The yawning global gender gap is at the heart of our inability to end hunger. Whether last in the family to eat, blocked from owning land, or entirely ignored by extension workers and policymakers, gender inequality – and specifically discrimination against women – is a key driver of global hunger.
The cost of ending global hunger has been estimated at anything from $7 billion to $265 billion per year, largely because experts cannot agree on the primary causes or solutions.
As academics, activists and policymakers continue to explore the role that climate change, disease outbreaks, and unstable markets have in exacerbating global hunger, still too few are connecting the dots between gender inequality and hunger.
Hunger itself knows no gender, affecting 820 million men, women and children alike worldwide. But circumstances leading to hunger and malnutrition often arise because gender inequality tends to disadvantage women as producers and carers and, importantly, as professionals in fields such as science, technology and innovation.
We cannot continue neglecting the vital contribution of women in agriculture if we are to have any hope of improving global food security. This means addressing the under-appreciated and vital role of women – not just in producing and preparing food for their families, but also in conducting and leading scientific research needed to enhance the production and equitable distribution of food to all.
Women account for more than 40 per cent of the agricultural workforce in developing countries, often working longer hours and taking on more labour-intensive tasks, such as weeding and tending to livestock. For example, weeding a single hectare of sorghum by hand can take around 324 hours of labour.
Yet while women bear the burden of drudgery on farms, they do so without access to many of the same resources as men, facing a yield gap of up to 30 per cent as a result.
By providing women with the inputs and services that meet their needs, total agricultural output in developing countries could rise by up to four per cent.
To effectively tackle global hunger, all scientists must have the skills and commitment to address the needs and priorities of women farmers across agricultural value chains.
Named after its inventor, Ethiopia’s Fetina variety of barley is an example of what happens when scientists collaborate with, and respond to the needs of women farmers.
Developed by Prof. Fetien Abera in consultation with farmers across the Ethiopian highlands, Fetina barley is easier to de-husk which reduces demands on women’s labour, allowing them to increase their output and freeing up their time and energy.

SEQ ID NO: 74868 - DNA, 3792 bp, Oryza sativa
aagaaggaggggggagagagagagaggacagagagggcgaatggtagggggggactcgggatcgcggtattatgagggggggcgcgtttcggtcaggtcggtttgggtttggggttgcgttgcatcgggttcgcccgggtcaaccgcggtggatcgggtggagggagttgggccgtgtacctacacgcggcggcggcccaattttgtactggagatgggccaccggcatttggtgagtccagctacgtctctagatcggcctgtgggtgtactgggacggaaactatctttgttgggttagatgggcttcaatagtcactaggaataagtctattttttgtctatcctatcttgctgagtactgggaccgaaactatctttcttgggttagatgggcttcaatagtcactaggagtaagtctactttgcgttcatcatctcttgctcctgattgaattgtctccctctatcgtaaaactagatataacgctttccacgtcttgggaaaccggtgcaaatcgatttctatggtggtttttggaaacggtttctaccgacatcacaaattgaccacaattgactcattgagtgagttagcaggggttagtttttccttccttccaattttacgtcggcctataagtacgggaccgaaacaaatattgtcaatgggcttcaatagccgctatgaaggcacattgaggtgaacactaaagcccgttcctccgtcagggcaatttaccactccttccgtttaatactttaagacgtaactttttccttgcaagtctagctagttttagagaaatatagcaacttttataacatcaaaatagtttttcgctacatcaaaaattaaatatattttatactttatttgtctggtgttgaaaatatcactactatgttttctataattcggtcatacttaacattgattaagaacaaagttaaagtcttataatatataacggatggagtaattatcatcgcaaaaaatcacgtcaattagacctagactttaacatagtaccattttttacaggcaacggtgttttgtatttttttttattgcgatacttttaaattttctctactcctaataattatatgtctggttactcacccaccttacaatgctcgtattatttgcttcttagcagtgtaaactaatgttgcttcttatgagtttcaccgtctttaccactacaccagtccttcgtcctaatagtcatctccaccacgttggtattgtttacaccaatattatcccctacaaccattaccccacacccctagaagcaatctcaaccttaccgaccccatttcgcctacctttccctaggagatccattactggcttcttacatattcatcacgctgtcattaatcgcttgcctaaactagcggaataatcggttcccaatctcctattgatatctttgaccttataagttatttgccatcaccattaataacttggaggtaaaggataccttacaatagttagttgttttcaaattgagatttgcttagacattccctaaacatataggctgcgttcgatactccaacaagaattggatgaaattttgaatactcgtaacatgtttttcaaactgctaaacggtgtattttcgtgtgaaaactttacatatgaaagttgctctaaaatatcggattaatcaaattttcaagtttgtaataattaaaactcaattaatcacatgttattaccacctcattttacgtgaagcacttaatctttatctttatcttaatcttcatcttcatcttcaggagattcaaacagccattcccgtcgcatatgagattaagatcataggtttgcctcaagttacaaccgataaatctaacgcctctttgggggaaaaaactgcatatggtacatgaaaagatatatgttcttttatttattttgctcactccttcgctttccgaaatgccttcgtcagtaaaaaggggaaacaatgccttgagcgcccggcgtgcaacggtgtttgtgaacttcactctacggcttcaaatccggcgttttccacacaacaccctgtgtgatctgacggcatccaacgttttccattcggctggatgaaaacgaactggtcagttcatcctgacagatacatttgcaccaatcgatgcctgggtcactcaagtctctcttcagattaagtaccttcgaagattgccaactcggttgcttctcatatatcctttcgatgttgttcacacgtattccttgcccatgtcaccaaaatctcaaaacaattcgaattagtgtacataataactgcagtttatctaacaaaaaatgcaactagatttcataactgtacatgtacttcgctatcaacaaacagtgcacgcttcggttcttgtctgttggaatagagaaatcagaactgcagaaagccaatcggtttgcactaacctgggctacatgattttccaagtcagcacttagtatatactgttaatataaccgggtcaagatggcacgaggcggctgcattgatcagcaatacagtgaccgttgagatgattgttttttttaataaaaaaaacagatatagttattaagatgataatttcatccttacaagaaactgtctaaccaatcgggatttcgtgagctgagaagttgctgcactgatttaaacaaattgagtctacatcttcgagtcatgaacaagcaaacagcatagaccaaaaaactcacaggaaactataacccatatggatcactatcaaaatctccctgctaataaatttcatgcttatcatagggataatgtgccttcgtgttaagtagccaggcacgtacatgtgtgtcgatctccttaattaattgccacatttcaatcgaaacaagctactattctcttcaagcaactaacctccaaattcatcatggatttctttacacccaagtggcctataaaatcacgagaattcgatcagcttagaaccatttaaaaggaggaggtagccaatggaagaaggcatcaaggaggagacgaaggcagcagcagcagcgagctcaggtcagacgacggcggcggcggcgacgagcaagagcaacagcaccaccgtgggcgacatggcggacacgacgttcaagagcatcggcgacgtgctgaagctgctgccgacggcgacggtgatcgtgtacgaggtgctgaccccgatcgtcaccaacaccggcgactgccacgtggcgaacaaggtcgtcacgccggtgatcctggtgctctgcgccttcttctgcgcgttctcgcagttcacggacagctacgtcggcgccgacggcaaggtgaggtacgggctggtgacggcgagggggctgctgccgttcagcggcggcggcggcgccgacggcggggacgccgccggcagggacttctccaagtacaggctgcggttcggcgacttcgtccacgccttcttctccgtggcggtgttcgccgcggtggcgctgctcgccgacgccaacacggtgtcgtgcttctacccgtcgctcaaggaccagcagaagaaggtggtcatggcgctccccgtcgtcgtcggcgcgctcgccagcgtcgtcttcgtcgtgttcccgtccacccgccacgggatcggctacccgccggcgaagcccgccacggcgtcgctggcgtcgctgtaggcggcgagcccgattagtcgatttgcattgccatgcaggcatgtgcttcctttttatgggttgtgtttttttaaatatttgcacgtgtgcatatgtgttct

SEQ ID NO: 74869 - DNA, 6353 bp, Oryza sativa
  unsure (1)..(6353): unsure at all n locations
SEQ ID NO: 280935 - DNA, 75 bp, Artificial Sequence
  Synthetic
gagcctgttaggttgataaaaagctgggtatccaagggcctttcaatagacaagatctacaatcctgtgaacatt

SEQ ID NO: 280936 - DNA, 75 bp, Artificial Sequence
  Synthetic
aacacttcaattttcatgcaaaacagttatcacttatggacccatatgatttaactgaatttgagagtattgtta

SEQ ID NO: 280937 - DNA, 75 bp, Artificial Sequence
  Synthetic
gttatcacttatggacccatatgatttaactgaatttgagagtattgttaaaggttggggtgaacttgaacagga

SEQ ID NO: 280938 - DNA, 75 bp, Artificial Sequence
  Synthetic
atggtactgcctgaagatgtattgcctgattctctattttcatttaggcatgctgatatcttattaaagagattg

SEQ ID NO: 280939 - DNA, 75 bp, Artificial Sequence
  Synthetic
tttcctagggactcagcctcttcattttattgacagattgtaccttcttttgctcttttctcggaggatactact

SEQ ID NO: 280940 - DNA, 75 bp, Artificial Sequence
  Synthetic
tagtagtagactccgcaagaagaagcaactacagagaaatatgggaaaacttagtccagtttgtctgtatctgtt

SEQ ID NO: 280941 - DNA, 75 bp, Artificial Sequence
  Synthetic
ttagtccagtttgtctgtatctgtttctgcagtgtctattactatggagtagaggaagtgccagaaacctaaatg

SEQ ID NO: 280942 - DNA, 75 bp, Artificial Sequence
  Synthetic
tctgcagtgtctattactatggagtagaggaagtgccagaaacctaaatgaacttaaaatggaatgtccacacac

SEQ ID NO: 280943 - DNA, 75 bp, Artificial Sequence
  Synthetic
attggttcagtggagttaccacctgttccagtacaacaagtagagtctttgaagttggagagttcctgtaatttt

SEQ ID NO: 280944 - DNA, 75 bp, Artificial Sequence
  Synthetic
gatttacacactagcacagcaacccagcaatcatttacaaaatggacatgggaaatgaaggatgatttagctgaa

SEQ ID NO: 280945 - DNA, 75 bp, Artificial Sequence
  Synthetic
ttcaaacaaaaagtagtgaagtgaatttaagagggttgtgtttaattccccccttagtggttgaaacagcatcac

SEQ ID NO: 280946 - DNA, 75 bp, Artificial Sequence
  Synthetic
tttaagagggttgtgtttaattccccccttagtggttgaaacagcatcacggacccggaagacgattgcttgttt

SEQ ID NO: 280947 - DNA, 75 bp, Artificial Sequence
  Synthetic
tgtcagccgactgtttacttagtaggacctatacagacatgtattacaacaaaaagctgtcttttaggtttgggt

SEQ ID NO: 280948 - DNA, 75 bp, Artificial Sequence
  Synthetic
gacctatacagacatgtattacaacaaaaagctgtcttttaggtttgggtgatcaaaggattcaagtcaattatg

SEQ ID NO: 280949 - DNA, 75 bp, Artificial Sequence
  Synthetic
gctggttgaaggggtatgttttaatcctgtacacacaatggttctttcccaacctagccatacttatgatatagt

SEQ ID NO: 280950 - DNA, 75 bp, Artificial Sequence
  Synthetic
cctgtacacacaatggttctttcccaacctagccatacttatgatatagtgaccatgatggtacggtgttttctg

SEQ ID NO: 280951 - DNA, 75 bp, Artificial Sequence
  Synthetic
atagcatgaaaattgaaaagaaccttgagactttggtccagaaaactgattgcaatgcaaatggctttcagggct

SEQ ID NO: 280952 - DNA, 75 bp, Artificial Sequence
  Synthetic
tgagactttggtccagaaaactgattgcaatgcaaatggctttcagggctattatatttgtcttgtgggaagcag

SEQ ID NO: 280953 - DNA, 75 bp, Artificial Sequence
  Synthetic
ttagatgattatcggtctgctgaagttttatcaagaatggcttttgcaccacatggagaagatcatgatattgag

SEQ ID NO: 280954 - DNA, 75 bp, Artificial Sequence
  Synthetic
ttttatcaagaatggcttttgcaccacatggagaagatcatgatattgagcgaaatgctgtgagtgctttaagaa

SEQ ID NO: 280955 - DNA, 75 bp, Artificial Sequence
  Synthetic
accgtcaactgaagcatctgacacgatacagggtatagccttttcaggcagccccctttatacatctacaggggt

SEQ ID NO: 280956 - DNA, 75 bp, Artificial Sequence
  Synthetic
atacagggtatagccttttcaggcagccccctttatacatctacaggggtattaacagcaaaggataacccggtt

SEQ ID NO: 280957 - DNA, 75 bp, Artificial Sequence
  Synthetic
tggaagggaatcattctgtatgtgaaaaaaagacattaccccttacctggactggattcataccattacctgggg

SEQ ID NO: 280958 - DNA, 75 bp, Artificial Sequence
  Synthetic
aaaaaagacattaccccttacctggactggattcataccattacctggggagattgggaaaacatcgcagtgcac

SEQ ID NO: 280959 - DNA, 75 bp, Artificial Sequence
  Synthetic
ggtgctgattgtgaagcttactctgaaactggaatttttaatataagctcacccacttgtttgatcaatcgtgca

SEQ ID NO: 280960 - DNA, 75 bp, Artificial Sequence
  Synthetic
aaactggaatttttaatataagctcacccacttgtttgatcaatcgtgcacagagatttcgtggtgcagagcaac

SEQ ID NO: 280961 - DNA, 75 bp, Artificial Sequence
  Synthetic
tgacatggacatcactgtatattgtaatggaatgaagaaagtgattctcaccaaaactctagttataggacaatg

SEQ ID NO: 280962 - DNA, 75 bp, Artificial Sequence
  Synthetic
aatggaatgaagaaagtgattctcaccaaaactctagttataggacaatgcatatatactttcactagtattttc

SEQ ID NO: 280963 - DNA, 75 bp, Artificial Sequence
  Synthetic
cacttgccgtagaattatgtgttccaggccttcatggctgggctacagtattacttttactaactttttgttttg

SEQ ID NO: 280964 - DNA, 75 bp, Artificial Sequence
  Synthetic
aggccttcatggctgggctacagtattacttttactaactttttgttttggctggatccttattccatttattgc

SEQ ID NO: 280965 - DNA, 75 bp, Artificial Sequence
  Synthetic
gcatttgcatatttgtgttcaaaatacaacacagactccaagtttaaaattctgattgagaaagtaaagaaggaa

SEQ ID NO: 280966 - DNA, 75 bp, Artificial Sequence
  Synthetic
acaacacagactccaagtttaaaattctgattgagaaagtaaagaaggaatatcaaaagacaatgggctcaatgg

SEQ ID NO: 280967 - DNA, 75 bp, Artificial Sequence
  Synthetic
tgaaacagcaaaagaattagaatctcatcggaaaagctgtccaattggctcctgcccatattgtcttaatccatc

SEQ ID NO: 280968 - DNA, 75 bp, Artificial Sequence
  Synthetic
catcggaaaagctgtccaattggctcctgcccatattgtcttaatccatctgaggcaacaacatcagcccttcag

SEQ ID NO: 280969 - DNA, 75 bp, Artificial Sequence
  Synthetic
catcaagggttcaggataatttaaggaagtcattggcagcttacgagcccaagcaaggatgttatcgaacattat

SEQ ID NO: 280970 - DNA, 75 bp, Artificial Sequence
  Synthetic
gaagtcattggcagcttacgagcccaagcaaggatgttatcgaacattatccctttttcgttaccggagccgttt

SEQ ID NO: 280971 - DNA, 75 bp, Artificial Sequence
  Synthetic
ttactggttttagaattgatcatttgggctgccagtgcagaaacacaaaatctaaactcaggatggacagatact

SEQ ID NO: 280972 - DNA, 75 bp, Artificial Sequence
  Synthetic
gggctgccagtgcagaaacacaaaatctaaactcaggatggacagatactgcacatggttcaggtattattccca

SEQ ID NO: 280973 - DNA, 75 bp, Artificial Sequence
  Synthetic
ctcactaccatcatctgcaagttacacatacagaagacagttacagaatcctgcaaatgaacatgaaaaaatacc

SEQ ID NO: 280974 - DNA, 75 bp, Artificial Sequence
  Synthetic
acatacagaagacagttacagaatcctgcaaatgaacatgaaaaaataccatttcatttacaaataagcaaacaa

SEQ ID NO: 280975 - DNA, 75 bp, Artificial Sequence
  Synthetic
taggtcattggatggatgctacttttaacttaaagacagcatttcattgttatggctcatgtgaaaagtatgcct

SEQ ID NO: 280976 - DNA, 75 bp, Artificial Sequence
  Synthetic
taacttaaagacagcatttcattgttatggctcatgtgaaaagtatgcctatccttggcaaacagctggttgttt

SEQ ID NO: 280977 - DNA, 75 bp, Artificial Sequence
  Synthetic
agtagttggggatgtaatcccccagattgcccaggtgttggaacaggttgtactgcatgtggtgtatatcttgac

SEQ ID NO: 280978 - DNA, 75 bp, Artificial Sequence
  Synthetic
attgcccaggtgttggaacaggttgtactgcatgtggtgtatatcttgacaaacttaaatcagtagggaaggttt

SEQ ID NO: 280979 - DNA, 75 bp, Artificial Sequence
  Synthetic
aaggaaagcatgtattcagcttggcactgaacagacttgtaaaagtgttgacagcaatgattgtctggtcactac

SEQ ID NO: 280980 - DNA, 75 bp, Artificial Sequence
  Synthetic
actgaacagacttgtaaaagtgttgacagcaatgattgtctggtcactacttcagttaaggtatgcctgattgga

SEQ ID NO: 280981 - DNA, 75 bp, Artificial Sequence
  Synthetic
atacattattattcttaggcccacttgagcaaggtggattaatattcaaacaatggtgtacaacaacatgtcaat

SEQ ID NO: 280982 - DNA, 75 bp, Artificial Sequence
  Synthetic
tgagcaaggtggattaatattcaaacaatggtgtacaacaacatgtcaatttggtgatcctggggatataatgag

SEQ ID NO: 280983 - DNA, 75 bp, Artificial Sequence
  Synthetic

Prof. Abera’s own life story is itself an example of why we must also address the systemic and systematic inequalities that stop women in agricultural research from bringing their best innovations to the fore. Since becoming the first woman plant breeder and lecturer at Mekelle University, she has overcome tremendous challenges in her rise to the rank of Deputy Vice Chancellor.
Gender biases in scientific research mean that not only are the needs of women producers ignored, women scientists are less likely than men to publish their work in journals, and when they do publish papers, they are less likely to be the lead investigator.
The result is that women’s achievements in science, research and development often slip through the equality gap. The World Intellectual Property Organization (WIPO) reports that only 30.5 per cent of patent applications have one woman inventor.
Across sub-Saharan Africa, just one in four agricultural researchers are women, meaning that women are underrepresented in the leadership roles where priorities are set, decisions made and resources allocated for research on the continent.
A recent study found it may take up to 320 years before an equal number of men and women are working in senior science roles worldwide. We cannot afford to wait this long.
Since 2008, African Women in Agricultural Research and Development (AWARD) has invested in accelerating the careers of the continent’s female scientists such as Prof. Abera.
In addition to leadership training, we also unlock the wisdom of an older generation of scientists through an intensive mentoring program, and support African women scientists rise to the top of their scientific careers by helping them build the skills needed to raise resources for their cutting edge research.
Our latest work, the One Planet Fellowship, is an innovative partnership between private philanthropy, the public and private sectors, supporting the next generation of African and European scientists to embed gender issues into their research on climate adaptation solutions for African smallholder farmers.
The theme of this year’s International Women’s Day is “Realising Women’s Rights”, but the reality is that women’s rights are human rights.
We are investing in building a more gender-responsive agricultural research system for Africa because we cannot tackle hunger without first addressing gender inequality.